Why limit someone’s epic adventure with an arbitrary assessment of the time they should spend on it?




If you want a rule of thumb, consider this:


  • If there is a site or two you wish to see, or you need a stop-over place on a longer route, plan to stay one night. This typically gives you two half days between other locations.

  • If you want to see a couple of sights, engage in an activity, and eat in two different neighborhoods, plan to stay two nights. This will give you one full day and up to two half-days.

  • If you have a list of things to see and want to move at a slower pace or linger longer, stay three nights. You’ll have two full days and up to two-half days.

  • If you feel you need three full days, plan to wake up at your destination by staying four nights.


If your travel style is to stay in one place for a week, do that. If you want a relaxing week at a resort, do that. But if your desire is to visit several destinations on this trip, you don’t need more than four nights in any of them.




Repeat guests may be even more likely to tell someone they need more time if they are a first-time visitor to a destination. Having been there yourself, you might make an assumption that the new guest will want to see everything you have seen, or that it would be unfortunate if they missed something. Or maybe, you can’t see yourself running through the city doing everything you expect they’ll want to do. But of course, you don’t know what their intentions are. And the truth is, first-time visitors should never plan to see everything anyway. After all, as we said, that’s an impossible task.


the Eiffel Tower at dusk

The first time I went to Paris, I stayed 3 nights. I wanted to see the Eiffel Tower, Notre-Dame, the Louvre. I took a day trip to Versailles and Chartres. We felt like regulars at the local boulangerie and familiarized ourselves with the neighborhood. We took a lot of steps, but we saw a lot, too. Then we moved on, to Reims, to Beaune, to Lyon, to Avignon, and to Nice, all in two weeks.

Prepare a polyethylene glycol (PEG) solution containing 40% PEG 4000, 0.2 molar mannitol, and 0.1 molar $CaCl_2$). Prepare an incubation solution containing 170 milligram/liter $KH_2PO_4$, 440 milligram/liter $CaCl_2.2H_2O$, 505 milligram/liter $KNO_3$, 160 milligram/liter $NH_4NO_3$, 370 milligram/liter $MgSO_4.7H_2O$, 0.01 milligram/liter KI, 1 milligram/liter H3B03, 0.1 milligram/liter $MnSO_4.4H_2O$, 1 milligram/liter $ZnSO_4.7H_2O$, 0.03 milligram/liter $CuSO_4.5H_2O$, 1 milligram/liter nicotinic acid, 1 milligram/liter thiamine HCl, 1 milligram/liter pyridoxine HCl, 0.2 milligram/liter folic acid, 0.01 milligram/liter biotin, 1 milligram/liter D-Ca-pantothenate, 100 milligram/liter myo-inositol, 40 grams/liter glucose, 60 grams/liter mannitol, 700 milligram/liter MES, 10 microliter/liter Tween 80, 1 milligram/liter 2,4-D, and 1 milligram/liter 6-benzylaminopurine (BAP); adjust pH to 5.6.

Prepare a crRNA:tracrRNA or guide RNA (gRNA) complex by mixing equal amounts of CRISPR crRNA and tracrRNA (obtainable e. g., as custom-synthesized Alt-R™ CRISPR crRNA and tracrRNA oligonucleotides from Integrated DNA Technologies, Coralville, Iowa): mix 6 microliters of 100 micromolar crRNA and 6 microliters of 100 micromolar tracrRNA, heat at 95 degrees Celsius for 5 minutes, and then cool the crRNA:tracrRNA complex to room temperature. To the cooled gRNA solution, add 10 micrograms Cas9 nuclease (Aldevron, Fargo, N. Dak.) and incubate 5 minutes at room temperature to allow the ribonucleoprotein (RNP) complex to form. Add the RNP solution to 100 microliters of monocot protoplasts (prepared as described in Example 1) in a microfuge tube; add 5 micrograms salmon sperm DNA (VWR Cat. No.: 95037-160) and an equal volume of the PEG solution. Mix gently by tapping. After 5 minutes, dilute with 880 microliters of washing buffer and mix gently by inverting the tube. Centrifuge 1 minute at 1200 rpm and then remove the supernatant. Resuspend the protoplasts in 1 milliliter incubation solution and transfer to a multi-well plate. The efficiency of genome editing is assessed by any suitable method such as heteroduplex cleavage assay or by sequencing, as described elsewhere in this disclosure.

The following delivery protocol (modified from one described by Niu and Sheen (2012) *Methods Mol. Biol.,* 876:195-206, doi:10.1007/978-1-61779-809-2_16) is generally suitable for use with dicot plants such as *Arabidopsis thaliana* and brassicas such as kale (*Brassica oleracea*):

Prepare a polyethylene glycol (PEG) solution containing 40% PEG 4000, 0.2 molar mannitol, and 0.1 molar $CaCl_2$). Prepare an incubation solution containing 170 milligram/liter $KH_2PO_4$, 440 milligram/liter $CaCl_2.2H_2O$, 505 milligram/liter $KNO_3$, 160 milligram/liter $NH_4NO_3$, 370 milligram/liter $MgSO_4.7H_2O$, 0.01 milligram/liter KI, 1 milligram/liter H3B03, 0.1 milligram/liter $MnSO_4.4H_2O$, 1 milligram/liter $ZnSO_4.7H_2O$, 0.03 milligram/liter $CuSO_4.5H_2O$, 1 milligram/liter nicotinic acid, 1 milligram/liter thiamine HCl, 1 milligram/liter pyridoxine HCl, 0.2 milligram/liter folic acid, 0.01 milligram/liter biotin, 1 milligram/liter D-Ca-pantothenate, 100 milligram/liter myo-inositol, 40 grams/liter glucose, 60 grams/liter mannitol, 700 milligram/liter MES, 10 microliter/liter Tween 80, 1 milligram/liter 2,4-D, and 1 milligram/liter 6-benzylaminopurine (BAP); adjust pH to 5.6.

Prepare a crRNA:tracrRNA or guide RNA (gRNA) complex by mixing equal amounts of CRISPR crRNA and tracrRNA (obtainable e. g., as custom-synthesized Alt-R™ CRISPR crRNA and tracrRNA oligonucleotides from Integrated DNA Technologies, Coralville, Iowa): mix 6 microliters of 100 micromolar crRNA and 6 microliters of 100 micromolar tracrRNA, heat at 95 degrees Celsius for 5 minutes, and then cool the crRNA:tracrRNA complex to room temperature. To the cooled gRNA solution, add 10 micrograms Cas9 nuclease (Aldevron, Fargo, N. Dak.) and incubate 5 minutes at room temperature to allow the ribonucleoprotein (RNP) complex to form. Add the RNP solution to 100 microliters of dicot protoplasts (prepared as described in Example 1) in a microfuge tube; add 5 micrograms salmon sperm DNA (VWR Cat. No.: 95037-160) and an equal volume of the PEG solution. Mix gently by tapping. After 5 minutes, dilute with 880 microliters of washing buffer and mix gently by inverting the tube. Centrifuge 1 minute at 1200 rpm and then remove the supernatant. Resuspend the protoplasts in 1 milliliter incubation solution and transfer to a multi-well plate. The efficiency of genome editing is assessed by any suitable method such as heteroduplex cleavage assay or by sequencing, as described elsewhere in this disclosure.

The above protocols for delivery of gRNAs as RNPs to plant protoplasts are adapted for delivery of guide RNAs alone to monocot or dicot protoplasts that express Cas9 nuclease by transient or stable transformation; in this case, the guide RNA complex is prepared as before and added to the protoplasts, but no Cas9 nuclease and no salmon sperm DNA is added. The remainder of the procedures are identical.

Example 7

Were there things we didn’t see? Of course. But we went back on our honeymoon, that time for two nights. We went to the Opera Garnier, Sacre Coeur, and did a little shopping at the Christmas Markets. Then we moved on, to Switzerland, to Germany, to Austria, to Slovakia, and to Hungary, all in two weeks.


You can always go back to see things you missed. But most people have limited funds and even fewer days of PTO. A lifetime isn’t enough time to spend a week in only one city every year and still see the world. Of course, as previously stated, if you do not share my intention of stepping foot on all seven continents and you do not have a mile-long travel wish list, linger as long as you’d like.


For you readers who travel harder, or for anyone seeking a grand one or two week European adventure, prioritizing is an important concept. Narrow down the field of what you must see or do on this trip.